The Schwarzschild Solution

The Schwarzschild Solution is used in General Relativity to describe the gravitational field around a static, non-rotating mass such as a black hole. It is named after Karl Schwarzschild, who found the exact solution to Einstein’s field equations in 1915. What the diagram above shows is what a visual representation of the Schwarzschild Solution looks like.

"Wow, look at that! Another universe right in our own back yard! I’ll pack my things and phone NASA!" was my immediate reaction to this concept.

Well, hold on - in order to understand how this stuff works, we need to first understand how to read the diagram. So let’s do some SCIENCE and figure it out.

First, what would you say if I asked you what this was?

Obviously you need to go back to first grade, you’d say, because clearly that’s the world. Well, I’d say, clearly it’s not. There’s no way Greenland is that big in comparison to Africa, and there’s no way that Australia is smaller than Alaska. In this picture, the north and south poles are lines instead of points like they are in real life. Plus, it’s flat. I think you’re the one who needs to go back to first grade.

The point I’m trying to make is that this is not an accurate representation of the world; in order to see it accurately, we’d need to cut it along the top and glue it to a sphere. It’s a little inconvenient to carry a globe around with us all the time, so we made this flat map to make our lives easier. We had to compensate reality in order to make the world easy to carry around, as we see with the size distortion.

Well, we have to compensate reality the same way in our “Travel Map” (or Kruskal diagram) if we wish to understand the Schwarzschild Diagram. Here it is, and sorry for the dinky little MS Paint drawings I had to make (I drew every picture except for the world, so bear with me).

Each colored line represents some form of travel.

»The orange line represents the kind of travel we encounter in our every day lives - driving to the store, say. You take a relatively long amount of time to travel a short distance.

»The blue line represents the Speed of Light - it’s also sitting at a 45 degree angle, which gives us a good reference point; anything less than 45 degrees relative to the vertical is physically possible (or at least we’ll say it is for the sake of argument, because traveling even close to the speed of light is a very tricky thing!).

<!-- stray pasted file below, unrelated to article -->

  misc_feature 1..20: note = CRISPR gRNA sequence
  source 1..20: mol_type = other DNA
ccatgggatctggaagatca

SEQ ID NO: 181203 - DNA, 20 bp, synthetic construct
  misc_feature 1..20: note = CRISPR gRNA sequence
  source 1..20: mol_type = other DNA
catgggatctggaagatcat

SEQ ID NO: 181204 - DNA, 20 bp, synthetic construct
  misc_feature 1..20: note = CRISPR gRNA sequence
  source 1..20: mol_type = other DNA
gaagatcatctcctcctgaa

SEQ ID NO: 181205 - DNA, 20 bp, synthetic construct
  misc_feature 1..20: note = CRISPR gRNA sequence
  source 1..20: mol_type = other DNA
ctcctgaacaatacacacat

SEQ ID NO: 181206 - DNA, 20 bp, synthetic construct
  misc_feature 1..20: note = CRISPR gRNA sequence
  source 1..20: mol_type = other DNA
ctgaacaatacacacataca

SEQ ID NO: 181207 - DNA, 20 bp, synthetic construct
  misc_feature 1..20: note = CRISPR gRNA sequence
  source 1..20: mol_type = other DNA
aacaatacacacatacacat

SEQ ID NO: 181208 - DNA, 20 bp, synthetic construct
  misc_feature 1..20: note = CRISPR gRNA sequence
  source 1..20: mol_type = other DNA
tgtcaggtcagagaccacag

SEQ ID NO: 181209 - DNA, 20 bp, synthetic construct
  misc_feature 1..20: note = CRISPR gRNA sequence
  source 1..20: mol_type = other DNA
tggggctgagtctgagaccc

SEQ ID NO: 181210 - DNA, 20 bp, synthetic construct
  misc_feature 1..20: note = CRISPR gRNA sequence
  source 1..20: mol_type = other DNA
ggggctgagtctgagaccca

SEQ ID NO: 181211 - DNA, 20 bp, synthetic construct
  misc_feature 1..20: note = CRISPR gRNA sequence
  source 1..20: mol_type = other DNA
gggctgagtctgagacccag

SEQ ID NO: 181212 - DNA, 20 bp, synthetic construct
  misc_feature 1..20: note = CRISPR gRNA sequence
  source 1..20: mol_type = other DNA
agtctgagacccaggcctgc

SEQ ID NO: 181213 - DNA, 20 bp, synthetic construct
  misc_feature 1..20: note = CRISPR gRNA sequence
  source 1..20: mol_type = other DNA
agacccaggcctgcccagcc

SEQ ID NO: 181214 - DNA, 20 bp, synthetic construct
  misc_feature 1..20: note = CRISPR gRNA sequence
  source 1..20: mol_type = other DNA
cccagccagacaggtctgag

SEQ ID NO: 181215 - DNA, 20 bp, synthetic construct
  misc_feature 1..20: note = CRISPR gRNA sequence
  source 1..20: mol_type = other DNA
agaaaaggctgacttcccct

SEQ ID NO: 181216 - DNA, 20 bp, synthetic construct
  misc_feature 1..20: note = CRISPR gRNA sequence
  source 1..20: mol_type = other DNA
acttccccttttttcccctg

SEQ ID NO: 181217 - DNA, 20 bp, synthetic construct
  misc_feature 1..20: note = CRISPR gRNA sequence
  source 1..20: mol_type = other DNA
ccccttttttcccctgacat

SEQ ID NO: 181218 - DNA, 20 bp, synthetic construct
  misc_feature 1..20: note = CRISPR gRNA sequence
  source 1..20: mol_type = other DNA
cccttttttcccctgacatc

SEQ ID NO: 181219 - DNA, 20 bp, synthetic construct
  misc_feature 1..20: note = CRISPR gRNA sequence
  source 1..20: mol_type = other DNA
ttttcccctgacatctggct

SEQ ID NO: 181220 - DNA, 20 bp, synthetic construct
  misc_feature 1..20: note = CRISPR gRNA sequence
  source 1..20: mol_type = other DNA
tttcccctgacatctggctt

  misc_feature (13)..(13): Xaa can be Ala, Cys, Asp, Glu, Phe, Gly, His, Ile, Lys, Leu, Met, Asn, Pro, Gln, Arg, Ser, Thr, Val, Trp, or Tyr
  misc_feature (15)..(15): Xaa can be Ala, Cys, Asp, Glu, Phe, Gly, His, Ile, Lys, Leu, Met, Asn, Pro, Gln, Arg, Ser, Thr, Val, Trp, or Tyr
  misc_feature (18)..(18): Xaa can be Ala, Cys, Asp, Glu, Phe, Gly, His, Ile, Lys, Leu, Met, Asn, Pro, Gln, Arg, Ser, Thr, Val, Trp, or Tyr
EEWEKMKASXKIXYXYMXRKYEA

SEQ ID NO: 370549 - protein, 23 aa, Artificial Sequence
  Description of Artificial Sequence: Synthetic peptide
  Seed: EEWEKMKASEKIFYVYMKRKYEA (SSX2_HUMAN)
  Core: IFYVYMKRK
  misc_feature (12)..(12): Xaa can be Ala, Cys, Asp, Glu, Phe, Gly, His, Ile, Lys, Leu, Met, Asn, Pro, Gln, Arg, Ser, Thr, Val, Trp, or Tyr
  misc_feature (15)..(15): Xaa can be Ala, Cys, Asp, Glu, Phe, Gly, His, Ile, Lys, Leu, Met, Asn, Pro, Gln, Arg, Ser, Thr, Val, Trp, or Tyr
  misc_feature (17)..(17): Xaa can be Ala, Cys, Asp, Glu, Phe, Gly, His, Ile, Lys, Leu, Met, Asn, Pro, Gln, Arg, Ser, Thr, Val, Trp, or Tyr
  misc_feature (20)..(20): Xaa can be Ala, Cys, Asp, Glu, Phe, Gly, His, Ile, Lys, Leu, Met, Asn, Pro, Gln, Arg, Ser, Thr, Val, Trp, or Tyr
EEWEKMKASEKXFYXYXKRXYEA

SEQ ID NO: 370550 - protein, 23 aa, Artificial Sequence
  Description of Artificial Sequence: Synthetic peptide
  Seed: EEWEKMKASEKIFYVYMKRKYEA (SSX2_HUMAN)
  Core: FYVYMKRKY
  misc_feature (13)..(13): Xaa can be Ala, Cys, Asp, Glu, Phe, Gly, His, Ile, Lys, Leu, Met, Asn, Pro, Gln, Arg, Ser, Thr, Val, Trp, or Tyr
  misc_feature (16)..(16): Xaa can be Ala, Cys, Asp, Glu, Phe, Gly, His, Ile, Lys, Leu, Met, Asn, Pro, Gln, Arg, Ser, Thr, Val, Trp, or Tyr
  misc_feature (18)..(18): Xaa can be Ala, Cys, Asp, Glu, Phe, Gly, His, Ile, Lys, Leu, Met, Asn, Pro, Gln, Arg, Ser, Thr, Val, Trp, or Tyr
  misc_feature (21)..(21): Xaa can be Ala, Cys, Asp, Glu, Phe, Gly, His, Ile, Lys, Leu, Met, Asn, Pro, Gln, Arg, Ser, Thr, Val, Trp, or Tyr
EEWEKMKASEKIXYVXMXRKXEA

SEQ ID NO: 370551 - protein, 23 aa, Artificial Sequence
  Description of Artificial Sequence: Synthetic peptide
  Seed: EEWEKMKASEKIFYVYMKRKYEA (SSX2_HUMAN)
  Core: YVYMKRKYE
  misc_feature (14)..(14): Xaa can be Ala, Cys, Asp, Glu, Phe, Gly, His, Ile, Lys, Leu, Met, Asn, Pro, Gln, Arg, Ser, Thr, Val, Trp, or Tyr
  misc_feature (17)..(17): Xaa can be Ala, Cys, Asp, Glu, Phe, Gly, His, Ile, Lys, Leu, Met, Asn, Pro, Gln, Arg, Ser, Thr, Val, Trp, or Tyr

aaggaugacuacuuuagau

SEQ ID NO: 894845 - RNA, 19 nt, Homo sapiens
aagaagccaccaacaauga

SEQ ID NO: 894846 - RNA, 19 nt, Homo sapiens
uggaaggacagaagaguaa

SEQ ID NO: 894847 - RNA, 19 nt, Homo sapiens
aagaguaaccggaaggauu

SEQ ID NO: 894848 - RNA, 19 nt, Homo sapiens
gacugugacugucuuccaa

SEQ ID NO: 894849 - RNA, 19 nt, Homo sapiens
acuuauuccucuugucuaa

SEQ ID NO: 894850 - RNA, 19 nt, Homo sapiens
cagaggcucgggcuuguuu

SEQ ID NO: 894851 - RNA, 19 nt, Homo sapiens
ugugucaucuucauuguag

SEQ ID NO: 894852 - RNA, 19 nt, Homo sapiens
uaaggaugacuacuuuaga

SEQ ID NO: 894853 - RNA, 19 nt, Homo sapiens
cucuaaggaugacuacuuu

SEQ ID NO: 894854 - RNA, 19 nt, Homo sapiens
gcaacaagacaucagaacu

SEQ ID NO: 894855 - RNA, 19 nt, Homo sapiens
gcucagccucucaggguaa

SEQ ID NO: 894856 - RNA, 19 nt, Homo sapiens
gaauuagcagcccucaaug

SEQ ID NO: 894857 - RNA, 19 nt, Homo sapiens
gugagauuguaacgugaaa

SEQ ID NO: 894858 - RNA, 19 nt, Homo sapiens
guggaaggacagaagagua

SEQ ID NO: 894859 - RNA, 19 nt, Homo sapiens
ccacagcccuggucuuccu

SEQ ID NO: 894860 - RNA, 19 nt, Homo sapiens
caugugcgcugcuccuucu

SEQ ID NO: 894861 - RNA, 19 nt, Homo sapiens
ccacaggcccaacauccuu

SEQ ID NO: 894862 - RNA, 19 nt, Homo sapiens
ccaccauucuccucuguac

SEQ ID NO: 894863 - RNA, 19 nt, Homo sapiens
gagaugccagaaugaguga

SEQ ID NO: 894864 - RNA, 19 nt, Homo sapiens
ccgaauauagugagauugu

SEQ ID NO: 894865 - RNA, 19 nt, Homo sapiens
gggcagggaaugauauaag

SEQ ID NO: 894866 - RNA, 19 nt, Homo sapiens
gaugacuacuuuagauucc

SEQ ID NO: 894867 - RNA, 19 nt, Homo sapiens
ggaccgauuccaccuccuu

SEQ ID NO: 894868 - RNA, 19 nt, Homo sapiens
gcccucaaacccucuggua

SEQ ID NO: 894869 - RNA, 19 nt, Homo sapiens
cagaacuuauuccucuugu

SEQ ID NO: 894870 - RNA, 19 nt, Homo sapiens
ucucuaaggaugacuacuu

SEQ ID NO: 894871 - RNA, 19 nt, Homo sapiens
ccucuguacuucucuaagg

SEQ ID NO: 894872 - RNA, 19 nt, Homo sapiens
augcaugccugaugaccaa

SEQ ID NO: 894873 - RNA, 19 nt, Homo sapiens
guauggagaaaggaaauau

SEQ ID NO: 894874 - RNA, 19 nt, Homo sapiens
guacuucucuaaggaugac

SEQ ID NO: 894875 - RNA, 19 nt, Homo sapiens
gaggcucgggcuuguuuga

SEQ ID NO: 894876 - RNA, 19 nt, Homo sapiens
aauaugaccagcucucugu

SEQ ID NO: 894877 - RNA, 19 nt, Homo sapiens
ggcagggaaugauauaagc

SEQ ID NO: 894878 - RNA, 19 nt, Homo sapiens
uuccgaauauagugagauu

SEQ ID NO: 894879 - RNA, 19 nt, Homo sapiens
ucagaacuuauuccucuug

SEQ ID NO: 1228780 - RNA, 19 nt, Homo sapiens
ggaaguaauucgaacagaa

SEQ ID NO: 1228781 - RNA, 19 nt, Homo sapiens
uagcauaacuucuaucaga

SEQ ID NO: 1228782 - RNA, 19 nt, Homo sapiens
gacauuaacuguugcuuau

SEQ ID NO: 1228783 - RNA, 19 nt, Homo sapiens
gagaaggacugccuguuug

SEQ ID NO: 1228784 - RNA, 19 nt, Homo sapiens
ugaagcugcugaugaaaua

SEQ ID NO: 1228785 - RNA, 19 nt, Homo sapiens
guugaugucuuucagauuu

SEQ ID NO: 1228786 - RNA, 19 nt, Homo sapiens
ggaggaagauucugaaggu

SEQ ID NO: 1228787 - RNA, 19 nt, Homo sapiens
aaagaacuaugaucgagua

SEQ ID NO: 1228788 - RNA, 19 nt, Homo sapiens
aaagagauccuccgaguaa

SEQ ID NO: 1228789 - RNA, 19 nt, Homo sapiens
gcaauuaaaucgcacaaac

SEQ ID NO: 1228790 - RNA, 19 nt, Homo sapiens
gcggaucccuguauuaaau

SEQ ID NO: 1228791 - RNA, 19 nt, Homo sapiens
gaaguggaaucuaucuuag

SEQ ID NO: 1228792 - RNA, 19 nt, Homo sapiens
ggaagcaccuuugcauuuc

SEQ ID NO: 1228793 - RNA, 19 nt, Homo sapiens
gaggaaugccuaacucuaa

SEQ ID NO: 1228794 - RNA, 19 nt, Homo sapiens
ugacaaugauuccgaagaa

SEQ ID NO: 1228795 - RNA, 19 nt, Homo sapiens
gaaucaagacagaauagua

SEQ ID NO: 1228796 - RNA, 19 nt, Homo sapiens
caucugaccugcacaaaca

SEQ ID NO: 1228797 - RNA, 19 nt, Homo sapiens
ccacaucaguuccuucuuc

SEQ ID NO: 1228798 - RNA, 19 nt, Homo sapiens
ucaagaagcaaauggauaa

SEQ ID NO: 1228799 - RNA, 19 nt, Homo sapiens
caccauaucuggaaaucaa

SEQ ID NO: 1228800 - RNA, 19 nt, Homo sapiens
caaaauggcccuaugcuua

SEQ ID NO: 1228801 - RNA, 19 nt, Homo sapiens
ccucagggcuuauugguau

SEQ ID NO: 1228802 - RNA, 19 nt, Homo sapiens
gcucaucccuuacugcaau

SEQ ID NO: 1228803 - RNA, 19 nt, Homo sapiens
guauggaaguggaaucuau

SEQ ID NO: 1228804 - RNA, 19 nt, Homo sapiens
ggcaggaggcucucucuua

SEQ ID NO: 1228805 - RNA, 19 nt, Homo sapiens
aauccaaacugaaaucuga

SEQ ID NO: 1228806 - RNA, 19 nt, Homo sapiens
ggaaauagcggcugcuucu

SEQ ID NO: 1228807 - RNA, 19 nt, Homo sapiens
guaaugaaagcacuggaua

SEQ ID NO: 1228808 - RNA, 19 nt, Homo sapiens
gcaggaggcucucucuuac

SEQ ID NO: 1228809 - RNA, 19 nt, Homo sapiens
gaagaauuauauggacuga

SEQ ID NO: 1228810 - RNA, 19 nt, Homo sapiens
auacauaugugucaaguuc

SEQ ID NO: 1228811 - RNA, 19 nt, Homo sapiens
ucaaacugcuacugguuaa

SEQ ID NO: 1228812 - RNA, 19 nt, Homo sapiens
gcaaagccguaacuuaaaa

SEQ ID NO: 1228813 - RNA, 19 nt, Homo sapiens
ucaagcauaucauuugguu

»As the green line points out, very sophisticated, I know, it is impossible to travel faster than the speed of light, or rather to cover vast amounts of space in a short amount of time.

We can then apply this Travel Map to our Schwarzchild Diagram:

Yay! Look how pretty it is! Let’s analyze it!

» The orange line: You start out in our universe, Universe A. You make a stupid move and start traveling towards the black hole at regular human speeds. Stupid human! You cross the event horizon and immediately get crushed by the immense gravity at the singularity. Game over, buddy.

»The blue line: Somehow, you manage to reach the speed of light and head toward the black hole, but it only makes you meet your original fate even faster. Whoops.

»The green line: You head at the black hole with everything you’ve got, break the laws of physics, and safely pass through into Universe B. Congratulations! Oh, but I forgot. This is IMPOSSIBRU!!1!1

Okay, so traveling to another universe via black hole seems pretty futile. But, let’s remember, that this is a diagram of a static, non-rotating black hole. If we can remember back to middle school, lots of things are rotating - planets, stars, galaxies. The conservation of angular momentum shows us that as an ice skater twirls and brings her arms in, she begins to spin faster. As a star forms and collapses from interstellar gas, it also spins. If a massive star is spinning and then collapses, shouldn’t it be rotating hella fast? It better be! This means that, if we wish to realistically consider black holes for space travel, we must reconsider what our diagram should look like.

The Schwarzschild Solution for a rotating black hole has something called the Kerr solution attached to it (discovered by Roy Kerr in 1963). The Kerr Solution opens up an entirely different realm of possibilities concerning travel to more than one other universes - maybe even at measly human speeds! A multiverse of other universes finally seems physically possible, and easy to visualize, too.

But in the words of Richard Feynman: I gotta stop somewhere. I’ll leave you something to imagine!